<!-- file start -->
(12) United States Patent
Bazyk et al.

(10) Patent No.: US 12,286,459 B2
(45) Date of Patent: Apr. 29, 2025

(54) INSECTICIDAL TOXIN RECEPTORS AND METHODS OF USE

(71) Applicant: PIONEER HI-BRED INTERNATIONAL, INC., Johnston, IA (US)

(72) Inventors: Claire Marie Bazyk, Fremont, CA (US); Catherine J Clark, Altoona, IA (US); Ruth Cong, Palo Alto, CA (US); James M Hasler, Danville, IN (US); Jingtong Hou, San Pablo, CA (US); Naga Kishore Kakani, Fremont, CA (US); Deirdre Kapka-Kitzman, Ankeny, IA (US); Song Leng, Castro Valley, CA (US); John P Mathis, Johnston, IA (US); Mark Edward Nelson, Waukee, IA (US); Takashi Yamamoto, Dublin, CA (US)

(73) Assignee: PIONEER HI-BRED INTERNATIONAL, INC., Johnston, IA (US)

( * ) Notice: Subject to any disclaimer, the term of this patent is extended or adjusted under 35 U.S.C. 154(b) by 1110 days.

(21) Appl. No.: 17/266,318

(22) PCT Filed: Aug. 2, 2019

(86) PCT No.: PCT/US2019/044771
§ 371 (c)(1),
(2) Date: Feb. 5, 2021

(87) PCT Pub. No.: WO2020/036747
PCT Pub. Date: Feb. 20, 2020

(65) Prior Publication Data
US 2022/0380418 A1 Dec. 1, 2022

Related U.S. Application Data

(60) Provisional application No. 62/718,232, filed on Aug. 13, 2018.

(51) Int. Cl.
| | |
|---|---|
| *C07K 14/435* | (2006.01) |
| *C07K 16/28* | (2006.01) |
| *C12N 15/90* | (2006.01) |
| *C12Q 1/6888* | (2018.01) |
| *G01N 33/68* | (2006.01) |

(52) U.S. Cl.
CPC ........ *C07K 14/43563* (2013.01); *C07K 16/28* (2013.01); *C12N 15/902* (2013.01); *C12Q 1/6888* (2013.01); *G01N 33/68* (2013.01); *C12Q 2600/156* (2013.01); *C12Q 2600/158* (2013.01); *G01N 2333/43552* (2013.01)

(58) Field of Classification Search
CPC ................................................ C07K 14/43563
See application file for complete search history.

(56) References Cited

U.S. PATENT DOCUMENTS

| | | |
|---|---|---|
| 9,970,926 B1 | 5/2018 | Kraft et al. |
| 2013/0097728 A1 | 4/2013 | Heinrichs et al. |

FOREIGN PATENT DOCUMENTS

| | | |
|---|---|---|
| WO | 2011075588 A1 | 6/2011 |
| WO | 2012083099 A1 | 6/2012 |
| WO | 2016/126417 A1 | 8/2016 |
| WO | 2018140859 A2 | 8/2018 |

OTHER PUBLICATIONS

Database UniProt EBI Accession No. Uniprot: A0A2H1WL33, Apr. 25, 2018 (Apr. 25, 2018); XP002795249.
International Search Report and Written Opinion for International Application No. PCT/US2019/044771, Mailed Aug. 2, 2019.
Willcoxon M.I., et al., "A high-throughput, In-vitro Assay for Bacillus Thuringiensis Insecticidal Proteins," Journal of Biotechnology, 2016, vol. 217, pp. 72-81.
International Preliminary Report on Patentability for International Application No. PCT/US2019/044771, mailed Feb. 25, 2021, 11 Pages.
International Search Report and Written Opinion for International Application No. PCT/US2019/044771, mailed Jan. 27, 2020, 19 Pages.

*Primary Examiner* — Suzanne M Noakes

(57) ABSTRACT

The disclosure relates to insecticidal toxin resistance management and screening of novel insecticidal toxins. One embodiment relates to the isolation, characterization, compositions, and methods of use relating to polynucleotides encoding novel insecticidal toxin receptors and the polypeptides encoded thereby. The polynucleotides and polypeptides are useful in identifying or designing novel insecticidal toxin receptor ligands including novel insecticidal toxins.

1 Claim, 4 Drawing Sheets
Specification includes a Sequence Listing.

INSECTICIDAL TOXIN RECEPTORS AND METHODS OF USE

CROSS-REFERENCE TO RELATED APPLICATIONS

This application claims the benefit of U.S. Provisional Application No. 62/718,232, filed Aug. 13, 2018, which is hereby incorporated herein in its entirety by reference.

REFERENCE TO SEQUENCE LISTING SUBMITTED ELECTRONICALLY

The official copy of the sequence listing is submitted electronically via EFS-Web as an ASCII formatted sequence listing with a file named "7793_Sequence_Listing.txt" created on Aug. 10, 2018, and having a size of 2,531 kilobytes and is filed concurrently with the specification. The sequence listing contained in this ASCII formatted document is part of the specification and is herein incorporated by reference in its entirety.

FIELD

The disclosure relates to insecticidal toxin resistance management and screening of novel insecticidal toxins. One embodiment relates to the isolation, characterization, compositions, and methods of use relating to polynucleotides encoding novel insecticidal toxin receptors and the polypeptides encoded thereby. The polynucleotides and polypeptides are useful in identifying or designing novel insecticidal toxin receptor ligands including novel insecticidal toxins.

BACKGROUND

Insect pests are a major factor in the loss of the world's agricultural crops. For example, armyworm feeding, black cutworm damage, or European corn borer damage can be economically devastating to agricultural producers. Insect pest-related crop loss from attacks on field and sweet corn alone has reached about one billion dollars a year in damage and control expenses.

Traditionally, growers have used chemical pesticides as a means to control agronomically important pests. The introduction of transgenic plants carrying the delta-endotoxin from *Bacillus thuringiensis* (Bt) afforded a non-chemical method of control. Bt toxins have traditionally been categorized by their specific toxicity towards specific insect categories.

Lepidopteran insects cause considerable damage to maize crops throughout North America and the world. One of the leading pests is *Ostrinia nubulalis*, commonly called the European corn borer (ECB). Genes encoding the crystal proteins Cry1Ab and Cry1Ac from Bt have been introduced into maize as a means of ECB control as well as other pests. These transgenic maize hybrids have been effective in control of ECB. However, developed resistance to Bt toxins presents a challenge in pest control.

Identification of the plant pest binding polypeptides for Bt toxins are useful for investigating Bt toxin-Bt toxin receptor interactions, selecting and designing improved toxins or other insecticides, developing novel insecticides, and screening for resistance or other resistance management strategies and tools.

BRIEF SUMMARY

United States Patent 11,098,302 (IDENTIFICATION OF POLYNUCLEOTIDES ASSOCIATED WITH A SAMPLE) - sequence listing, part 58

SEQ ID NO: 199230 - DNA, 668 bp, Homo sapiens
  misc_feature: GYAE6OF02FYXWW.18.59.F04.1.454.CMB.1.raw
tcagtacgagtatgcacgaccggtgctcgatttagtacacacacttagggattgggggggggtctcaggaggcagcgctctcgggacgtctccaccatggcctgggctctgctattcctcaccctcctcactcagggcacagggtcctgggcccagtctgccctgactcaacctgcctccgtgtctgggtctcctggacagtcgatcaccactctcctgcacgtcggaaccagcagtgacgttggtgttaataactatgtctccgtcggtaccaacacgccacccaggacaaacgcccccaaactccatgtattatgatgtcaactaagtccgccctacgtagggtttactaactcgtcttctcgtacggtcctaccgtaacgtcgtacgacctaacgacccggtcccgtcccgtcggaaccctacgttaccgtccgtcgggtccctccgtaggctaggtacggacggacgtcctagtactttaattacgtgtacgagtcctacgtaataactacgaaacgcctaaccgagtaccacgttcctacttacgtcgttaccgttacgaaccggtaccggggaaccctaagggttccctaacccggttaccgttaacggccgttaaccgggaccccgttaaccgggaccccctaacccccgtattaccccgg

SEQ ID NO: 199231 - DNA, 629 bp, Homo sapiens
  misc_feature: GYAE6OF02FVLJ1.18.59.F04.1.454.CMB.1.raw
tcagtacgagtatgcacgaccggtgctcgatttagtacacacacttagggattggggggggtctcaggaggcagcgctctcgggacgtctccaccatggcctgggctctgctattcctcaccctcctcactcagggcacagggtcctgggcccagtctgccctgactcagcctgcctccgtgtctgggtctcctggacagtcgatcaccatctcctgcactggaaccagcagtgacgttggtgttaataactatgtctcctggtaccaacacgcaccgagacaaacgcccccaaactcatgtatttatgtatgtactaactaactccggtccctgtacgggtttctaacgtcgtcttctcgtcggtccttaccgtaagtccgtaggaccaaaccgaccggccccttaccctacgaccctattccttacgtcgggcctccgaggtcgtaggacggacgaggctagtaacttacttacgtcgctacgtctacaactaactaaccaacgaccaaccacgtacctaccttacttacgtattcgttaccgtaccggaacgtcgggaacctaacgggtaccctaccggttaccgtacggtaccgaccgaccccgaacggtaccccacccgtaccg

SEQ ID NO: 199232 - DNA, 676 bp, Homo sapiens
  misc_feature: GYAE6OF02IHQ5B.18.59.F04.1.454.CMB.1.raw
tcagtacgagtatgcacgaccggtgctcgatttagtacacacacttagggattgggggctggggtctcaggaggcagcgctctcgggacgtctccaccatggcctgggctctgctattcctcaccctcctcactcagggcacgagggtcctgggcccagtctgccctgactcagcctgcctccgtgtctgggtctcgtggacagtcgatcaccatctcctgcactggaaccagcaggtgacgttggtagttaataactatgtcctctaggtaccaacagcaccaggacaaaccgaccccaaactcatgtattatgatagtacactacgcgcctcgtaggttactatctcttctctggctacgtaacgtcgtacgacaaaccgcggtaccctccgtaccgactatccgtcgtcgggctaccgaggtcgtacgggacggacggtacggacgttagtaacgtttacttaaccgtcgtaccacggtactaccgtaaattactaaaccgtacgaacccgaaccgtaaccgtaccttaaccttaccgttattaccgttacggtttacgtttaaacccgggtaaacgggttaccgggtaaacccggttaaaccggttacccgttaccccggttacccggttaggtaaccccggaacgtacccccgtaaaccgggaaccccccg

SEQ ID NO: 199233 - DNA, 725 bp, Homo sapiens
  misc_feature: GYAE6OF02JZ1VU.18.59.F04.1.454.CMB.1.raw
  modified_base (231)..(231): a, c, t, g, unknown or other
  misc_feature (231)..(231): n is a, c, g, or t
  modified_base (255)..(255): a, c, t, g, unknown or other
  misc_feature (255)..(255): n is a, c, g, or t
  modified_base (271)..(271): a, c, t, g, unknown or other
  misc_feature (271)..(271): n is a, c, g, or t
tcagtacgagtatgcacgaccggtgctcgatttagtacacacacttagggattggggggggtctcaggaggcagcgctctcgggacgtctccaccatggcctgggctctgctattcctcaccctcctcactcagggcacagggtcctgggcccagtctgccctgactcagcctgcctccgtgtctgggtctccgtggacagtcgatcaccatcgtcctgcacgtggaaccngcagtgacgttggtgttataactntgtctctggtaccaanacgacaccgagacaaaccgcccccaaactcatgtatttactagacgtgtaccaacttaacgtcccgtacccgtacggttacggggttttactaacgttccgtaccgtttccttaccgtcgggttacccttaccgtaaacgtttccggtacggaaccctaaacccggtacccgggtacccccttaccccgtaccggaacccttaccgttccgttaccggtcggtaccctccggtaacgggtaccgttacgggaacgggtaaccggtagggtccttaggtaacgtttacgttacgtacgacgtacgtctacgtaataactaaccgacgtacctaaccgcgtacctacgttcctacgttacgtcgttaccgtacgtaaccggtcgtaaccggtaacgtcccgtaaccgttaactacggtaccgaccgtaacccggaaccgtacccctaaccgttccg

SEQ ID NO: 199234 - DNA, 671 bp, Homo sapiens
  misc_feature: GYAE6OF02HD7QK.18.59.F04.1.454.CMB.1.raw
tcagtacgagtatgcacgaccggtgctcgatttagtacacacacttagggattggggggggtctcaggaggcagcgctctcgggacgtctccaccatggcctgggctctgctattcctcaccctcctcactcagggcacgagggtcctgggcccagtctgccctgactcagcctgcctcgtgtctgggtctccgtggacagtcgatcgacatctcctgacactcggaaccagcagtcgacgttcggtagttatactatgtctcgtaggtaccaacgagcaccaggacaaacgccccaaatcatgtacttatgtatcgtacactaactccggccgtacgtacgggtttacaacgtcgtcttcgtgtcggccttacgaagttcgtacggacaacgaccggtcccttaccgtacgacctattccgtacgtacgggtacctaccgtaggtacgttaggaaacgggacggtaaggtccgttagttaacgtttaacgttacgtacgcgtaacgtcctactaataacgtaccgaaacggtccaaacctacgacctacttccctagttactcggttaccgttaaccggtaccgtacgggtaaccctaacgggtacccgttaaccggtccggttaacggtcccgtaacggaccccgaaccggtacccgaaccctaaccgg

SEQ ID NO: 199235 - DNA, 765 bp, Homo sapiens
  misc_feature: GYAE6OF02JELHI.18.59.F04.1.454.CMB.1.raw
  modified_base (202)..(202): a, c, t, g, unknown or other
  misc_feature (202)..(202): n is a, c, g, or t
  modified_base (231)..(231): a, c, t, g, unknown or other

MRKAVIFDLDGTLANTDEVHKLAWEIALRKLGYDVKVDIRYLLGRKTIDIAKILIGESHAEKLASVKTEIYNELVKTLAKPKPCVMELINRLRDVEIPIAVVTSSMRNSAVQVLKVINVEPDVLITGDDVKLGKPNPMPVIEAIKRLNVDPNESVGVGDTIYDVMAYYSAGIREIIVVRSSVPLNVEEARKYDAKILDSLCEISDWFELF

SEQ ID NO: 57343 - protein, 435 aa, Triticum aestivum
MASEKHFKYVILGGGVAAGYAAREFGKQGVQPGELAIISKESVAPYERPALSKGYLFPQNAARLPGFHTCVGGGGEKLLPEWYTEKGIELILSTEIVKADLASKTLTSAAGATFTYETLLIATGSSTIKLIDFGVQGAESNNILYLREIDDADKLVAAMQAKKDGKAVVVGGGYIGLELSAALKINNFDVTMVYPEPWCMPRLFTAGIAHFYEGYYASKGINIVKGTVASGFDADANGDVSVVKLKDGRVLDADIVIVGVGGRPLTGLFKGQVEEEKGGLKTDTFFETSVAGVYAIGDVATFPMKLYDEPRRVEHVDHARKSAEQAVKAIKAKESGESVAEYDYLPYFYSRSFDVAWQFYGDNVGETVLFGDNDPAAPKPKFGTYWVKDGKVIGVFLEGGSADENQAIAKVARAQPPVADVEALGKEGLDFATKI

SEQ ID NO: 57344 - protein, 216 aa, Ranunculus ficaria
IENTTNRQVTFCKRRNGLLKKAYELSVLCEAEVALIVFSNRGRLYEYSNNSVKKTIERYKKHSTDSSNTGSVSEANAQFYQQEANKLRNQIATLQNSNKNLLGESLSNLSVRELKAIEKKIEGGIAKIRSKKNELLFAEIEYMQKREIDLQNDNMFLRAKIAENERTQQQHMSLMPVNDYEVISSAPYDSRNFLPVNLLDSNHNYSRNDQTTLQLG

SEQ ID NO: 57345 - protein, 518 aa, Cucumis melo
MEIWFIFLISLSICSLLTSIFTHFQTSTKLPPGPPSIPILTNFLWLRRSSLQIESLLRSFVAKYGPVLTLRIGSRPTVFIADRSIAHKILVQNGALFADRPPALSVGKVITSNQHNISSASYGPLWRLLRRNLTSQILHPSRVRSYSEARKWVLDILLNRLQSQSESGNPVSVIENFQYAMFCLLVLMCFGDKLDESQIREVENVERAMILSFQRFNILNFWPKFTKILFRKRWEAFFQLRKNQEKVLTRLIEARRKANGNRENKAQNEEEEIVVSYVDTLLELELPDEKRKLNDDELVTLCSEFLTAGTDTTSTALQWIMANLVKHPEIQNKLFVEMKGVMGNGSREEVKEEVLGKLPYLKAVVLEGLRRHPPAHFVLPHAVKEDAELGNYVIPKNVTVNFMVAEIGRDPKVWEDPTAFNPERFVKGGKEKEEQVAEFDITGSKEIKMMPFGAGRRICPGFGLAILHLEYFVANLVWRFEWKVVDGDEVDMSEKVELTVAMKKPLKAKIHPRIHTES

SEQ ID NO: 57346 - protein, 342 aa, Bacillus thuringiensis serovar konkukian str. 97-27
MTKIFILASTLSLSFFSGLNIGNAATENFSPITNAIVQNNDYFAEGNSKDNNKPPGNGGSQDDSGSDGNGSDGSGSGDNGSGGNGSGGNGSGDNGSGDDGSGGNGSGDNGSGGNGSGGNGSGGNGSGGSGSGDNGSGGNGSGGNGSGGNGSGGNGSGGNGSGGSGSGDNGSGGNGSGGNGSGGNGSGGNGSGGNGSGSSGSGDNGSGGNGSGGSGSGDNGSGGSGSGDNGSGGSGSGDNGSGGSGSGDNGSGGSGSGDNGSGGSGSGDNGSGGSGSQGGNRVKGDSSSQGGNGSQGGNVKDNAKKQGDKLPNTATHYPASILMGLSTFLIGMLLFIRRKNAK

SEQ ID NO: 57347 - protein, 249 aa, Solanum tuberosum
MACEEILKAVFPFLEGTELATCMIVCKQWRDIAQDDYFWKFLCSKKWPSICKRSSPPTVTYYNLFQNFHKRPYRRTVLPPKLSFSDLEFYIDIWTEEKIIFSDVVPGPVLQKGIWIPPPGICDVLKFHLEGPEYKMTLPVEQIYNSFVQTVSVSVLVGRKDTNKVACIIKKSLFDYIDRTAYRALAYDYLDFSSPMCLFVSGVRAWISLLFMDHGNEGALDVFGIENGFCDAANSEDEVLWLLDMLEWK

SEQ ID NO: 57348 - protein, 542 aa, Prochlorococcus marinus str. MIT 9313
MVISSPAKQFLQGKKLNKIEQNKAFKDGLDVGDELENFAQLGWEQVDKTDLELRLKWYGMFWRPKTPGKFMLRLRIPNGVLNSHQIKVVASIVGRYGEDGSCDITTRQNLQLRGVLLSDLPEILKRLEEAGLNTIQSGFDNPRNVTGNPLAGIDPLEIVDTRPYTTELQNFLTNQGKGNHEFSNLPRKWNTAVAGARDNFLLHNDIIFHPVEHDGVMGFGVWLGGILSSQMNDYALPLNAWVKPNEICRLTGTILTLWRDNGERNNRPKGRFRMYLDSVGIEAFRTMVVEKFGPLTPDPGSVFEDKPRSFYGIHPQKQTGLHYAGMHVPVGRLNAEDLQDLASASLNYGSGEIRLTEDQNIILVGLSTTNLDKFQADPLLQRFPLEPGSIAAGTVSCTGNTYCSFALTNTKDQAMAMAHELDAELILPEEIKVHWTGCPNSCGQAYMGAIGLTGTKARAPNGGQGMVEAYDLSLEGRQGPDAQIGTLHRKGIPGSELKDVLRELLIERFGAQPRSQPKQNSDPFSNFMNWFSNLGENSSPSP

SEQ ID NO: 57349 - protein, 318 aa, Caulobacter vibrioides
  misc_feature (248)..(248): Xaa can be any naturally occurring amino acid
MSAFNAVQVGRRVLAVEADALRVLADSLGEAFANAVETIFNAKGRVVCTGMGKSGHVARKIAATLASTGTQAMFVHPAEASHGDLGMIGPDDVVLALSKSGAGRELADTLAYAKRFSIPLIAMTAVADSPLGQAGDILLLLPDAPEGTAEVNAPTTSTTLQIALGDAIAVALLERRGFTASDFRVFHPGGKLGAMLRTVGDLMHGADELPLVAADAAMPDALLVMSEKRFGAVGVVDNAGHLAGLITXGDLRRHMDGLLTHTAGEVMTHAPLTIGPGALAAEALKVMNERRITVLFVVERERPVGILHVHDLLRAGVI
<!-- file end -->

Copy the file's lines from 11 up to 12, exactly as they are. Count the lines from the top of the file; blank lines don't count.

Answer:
(22) PCT Filed: Aug. 2, 2019

(86) PCT No.: PCT/US2019/044771